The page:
We call the time 'Lightfever' as it was inspired by the German initiative ‘Nightfever’. Nightfever works by inviting people off the streets into Churches to spend time in front of Jesus. It first occurred to us to try it in schools when we were in a particular school that called the corridor outside their chapel ‘the street’. After seeing the fruit of Lightfever in that school, it became an established part of our mission weeks, to the extent that schools went out and bought monstrances if they didn't have one!
Something that has really struck us is the testimonies at the end of the week which have previously always been focused on the experience of prayer ministry. However this year we have seen an equal amount of testimonies about Lightfever. I believe this is because every person who enters the chapel during Lightfever has a personal encounter with Jesus. People are accompanied to the alter where they light their candle, after which the accompanying student or team member extends a hand towards the Blessed Sacrament and simply says ‘this is Jesus’. The look on the faces of people at this point is truly an honour to behold as they come face to face with their God.
The main challenge I faced in this whole process was allowing God to be God and not impressing anything on the people as they came into the chapel such as reverence. An encounter I had at the Olympics while doing Nightfever really spoke to me about this. I had invited a woman off the street who was on the way to a night with friends with a lot of Chinese takeaway in paper bags. My initial reaction was ‘Oh no, that is really going to stink out the Church!’ But I got past that and invited her into the Church. My next thought was ‘Oh no, those paper bags are all going to go up in flames when we light the candle,’ but fortunately they did not! But as we knelt down in front of Jesus her phone suddenly went off and she answered it. I don’t think I’ve ever experienced so much conflict inside of me! But as I looked at Jesus, I asked him what he truly thought about this situation and I came to the realisation that this was a random woman I had invited off the street who had no idea what she had really walked into and yet Jesus was there and he loved her. She did eventually put her phone down and engaged with the Lord for some time. After we walked back out of the Church I asked her if she was a Christian to which she replied she thought she might have been baptised but didn’t really know. I then proceeded to tell her that God loved her so much that he had died for her on the cross and that he longed to be part of her life. She was visibly moved and walked away with a bit more than just Chinese takeaway – the presence of God in her life.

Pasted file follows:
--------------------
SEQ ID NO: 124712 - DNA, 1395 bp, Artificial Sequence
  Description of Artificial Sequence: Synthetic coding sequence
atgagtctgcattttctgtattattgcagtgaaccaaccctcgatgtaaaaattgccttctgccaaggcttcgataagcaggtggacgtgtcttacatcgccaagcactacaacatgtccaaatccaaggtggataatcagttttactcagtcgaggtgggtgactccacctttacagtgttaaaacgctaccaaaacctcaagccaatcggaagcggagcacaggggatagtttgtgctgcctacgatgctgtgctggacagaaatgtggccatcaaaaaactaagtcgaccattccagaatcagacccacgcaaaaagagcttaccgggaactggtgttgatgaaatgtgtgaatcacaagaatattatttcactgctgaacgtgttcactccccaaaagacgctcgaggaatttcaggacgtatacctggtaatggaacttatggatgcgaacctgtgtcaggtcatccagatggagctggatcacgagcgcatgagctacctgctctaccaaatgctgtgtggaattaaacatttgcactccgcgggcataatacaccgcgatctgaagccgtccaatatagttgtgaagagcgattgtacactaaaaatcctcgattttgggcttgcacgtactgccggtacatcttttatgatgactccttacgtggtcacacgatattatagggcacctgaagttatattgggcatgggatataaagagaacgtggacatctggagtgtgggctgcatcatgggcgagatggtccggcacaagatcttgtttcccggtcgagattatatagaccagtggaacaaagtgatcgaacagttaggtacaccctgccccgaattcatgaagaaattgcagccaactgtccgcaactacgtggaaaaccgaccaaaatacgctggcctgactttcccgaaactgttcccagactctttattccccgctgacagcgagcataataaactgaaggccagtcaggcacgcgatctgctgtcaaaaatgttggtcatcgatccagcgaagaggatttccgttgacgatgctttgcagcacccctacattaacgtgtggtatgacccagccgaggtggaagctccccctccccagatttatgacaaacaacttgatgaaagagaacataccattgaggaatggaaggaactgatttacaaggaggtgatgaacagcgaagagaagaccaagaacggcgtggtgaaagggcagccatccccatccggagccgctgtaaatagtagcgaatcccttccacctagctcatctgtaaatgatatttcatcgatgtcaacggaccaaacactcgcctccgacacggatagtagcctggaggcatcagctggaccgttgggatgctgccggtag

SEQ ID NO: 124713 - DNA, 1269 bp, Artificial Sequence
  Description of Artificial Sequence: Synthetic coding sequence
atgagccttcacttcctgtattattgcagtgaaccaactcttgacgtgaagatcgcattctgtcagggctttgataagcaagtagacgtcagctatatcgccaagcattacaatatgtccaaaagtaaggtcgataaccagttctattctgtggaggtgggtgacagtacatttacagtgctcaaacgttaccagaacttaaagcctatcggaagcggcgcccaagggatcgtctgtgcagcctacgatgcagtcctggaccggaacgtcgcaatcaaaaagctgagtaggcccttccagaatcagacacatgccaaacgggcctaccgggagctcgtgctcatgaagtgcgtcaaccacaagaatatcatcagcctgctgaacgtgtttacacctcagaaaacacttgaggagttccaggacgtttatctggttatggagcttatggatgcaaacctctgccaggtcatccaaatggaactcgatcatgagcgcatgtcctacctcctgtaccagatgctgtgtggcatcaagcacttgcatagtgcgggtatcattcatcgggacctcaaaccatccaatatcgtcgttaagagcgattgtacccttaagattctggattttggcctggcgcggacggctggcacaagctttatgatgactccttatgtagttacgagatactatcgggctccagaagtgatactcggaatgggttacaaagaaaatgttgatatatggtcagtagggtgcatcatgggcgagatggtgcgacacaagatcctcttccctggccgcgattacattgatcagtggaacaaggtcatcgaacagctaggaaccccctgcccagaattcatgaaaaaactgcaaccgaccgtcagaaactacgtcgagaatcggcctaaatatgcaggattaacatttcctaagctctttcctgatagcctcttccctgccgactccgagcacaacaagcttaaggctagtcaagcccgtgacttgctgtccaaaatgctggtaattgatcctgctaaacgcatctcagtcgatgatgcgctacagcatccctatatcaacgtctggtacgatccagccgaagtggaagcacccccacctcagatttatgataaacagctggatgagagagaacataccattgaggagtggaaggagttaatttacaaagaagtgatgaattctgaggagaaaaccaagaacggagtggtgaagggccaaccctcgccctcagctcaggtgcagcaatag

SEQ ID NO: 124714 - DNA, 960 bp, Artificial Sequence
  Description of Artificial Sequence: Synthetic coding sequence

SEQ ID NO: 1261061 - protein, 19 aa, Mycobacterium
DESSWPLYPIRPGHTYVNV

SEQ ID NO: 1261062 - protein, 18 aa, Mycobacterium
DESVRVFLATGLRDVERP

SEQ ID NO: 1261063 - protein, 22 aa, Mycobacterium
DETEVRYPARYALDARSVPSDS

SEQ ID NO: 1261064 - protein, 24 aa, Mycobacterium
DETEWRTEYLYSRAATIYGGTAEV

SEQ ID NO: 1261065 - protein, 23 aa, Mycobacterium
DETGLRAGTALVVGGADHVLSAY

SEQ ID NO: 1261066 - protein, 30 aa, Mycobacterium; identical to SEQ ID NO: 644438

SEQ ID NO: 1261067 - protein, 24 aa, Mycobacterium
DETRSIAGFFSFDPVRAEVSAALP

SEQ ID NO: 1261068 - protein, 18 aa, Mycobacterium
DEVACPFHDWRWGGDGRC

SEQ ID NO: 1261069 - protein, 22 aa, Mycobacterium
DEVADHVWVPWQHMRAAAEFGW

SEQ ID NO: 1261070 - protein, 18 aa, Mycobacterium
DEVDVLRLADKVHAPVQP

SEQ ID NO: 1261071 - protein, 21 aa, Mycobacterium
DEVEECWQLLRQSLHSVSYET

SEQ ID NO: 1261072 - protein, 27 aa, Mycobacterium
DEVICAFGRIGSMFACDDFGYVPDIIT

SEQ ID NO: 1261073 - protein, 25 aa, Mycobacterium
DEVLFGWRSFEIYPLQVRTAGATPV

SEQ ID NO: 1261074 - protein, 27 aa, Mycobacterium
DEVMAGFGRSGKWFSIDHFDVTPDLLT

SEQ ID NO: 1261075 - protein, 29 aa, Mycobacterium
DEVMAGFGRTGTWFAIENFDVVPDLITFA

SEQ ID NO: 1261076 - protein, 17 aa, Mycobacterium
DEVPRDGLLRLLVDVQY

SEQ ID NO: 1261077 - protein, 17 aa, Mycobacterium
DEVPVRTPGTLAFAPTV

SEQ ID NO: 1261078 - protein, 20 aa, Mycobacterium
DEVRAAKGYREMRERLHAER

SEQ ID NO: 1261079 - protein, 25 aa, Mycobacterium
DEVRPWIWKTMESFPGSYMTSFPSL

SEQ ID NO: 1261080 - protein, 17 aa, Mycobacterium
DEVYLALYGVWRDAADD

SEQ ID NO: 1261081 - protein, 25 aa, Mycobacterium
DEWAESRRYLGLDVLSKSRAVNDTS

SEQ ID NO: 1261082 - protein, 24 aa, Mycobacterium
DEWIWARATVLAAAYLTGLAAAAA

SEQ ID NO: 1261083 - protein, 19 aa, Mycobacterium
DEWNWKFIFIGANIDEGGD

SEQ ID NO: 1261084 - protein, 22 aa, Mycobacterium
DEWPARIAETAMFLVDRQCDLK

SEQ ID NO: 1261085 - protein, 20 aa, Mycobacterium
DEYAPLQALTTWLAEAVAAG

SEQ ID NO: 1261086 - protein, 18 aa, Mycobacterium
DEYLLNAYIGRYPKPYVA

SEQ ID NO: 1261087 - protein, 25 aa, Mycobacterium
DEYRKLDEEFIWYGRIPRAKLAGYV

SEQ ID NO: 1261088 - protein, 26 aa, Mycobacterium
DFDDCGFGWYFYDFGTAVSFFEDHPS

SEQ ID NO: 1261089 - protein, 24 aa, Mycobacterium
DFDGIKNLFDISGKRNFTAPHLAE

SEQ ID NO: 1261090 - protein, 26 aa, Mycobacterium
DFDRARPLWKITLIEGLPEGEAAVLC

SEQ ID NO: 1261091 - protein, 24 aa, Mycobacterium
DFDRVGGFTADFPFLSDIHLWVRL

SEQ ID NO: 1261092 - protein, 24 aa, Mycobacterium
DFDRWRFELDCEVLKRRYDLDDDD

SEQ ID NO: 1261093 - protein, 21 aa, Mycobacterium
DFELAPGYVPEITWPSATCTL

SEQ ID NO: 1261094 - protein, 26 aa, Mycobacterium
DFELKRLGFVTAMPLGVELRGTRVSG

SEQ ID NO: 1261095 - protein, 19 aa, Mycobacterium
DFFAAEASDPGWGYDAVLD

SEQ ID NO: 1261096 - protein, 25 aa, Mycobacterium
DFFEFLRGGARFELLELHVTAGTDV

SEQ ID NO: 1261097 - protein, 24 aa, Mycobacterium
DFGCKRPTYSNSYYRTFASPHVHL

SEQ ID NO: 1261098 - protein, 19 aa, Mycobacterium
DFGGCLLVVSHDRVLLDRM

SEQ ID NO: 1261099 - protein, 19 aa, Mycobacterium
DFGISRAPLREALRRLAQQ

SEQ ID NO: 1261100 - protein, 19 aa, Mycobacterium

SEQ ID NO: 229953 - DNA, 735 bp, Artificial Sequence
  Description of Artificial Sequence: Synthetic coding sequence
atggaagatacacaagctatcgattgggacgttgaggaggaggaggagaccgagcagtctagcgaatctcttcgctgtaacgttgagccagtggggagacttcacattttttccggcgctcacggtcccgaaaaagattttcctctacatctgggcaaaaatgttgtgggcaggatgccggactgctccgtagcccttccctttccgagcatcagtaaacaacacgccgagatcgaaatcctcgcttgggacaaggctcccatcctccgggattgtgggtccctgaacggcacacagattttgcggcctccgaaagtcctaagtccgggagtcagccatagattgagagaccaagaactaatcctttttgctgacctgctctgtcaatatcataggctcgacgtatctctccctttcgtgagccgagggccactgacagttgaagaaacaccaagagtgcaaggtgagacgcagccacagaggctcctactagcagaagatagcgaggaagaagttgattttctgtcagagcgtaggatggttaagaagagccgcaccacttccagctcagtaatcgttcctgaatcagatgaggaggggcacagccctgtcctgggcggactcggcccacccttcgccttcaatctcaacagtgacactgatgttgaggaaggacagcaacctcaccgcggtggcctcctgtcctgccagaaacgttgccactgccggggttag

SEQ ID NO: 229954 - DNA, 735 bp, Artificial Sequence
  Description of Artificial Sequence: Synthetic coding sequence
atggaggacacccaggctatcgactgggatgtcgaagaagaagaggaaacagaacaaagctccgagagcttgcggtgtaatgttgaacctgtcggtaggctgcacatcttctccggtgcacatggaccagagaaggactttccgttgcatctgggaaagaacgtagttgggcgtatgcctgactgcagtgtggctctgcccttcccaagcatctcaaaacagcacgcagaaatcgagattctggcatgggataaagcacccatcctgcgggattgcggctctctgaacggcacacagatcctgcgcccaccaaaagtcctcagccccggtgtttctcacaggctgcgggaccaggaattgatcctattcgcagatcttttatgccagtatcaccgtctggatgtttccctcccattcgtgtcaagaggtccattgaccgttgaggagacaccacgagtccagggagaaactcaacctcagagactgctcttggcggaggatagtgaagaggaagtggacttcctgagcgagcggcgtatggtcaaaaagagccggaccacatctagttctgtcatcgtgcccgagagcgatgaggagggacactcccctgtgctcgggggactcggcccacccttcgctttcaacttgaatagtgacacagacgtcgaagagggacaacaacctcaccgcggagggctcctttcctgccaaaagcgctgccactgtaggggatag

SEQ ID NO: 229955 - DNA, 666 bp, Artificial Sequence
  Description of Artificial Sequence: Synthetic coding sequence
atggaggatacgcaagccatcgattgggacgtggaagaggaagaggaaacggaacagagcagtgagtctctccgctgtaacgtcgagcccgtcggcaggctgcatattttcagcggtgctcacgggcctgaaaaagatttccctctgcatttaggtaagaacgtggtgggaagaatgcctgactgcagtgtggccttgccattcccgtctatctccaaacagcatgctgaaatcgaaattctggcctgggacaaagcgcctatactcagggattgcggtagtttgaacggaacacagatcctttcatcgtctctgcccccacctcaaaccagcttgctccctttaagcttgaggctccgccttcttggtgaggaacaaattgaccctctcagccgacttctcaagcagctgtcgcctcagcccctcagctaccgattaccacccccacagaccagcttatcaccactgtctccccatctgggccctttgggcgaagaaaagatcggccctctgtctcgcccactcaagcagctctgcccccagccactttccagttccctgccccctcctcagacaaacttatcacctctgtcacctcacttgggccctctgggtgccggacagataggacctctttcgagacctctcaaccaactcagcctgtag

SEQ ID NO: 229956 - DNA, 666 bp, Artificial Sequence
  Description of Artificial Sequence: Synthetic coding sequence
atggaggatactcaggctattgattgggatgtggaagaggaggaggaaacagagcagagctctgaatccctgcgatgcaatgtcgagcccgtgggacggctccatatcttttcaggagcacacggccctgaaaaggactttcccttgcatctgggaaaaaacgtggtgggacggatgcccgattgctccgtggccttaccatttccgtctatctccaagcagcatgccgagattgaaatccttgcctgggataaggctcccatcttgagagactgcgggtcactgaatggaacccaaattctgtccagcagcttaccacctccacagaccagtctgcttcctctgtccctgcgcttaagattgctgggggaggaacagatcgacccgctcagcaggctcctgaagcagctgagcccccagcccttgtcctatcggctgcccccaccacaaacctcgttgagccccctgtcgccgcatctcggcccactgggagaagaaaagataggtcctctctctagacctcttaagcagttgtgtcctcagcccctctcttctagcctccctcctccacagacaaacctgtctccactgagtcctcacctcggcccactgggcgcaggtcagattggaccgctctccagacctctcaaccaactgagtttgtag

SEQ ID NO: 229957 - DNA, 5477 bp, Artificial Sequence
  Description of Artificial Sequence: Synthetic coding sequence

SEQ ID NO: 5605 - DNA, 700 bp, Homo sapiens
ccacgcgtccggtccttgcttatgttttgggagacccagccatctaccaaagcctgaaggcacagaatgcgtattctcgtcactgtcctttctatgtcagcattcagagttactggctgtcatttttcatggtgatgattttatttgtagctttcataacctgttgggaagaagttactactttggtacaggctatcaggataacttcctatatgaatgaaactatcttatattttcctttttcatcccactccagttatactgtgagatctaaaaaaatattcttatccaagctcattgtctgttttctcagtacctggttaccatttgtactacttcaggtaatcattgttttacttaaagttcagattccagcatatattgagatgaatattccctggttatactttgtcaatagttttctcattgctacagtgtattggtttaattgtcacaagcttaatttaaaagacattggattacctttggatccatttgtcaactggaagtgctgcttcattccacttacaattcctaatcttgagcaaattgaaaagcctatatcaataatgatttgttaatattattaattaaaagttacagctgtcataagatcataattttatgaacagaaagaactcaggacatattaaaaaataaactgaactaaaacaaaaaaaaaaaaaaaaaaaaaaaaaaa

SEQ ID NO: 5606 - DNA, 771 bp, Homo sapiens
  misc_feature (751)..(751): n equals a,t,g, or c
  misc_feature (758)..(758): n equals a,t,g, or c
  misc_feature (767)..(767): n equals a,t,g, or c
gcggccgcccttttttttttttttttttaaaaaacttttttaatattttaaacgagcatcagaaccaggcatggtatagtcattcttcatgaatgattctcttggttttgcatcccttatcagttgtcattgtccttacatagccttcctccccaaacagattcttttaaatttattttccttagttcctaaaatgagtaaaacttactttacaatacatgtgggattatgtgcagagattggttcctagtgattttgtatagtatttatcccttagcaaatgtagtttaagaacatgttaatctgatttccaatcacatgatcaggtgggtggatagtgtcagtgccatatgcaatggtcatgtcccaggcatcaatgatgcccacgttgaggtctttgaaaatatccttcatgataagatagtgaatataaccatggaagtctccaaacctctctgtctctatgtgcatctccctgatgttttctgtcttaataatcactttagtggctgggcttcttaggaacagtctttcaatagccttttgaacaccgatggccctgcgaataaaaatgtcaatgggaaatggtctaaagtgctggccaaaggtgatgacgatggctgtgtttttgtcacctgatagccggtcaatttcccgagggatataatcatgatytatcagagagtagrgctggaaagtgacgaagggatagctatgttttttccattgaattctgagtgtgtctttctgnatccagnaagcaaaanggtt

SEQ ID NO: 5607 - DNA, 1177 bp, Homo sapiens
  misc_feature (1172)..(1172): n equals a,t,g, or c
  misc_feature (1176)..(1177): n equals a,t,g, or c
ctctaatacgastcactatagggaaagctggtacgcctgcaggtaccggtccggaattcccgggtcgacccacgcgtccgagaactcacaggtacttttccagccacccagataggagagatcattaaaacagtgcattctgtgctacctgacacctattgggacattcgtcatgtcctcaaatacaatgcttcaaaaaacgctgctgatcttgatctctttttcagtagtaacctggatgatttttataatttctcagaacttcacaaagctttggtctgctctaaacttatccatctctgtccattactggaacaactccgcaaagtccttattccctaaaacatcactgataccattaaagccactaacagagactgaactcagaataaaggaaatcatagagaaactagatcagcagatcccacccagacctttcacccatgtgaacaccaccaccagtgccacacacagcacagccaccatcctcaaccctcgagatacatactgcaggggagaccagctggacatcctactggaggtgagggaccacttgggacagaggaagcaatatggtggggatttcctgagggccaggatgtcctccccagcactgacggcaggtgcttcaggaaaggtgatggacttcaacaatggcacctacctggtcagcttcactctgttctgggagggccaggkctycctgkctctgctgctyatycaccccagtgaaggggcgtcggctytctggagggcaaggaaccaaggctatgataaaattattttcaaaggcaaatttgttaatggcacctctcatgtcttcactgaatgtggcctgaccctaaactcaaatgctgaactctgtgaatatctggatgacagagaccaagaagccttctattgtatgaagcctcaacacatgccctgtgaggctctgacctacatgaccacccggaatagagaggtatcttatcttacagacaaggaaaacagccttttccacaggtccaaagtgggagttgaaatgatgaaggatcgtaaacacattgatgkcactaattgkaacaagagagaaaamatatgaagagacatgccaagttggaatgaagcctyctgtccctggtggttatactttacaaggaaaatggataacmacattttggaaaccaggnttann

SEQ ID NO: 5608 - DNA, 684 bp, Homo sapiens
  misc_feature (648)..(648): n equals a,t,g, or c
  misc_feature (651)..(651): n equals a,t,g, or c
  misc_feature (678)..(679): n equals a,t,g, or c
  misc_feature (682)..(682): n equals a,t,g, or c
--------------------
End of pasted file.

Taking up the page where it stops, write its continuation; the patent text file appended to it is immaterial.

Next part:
If you look at the language of the Catechism of the Catholic Church it is all invitational. Jesus doesn’t want to impose himself upon anyone, he is a true gentleman. And yes there will be a time when a person needs to be taught of how to be reverent but I rather they did it because they truly believe it is God in front of them rather than because they have been told to do so! Bearing this in mind, I think it is important for us to get our priorities straight.
The beauty of all this is that as pupils and staff have started to familiarise themselves with Jesus in the Blessed Sacrament, there has been a tangible change in their response at Holy Mass. Enabling them to participate fully in the Mass is perhaps the greatest challenge we face as a team but as we have started to permeate all our presentation during the week with snippets of information and testimony on the Mass, we have started to see a glimmer of light upon the horizon, Jesus himself being elevated above us in His real presence and his overwhelming love. Eucharistic Revival is happening, so let us embrace it!
"Christ held Himself in His hands when He gave His Body to His disciples saying: 'This is My Body.' No one partakes of this Flesh before he has adored it." St. Augustine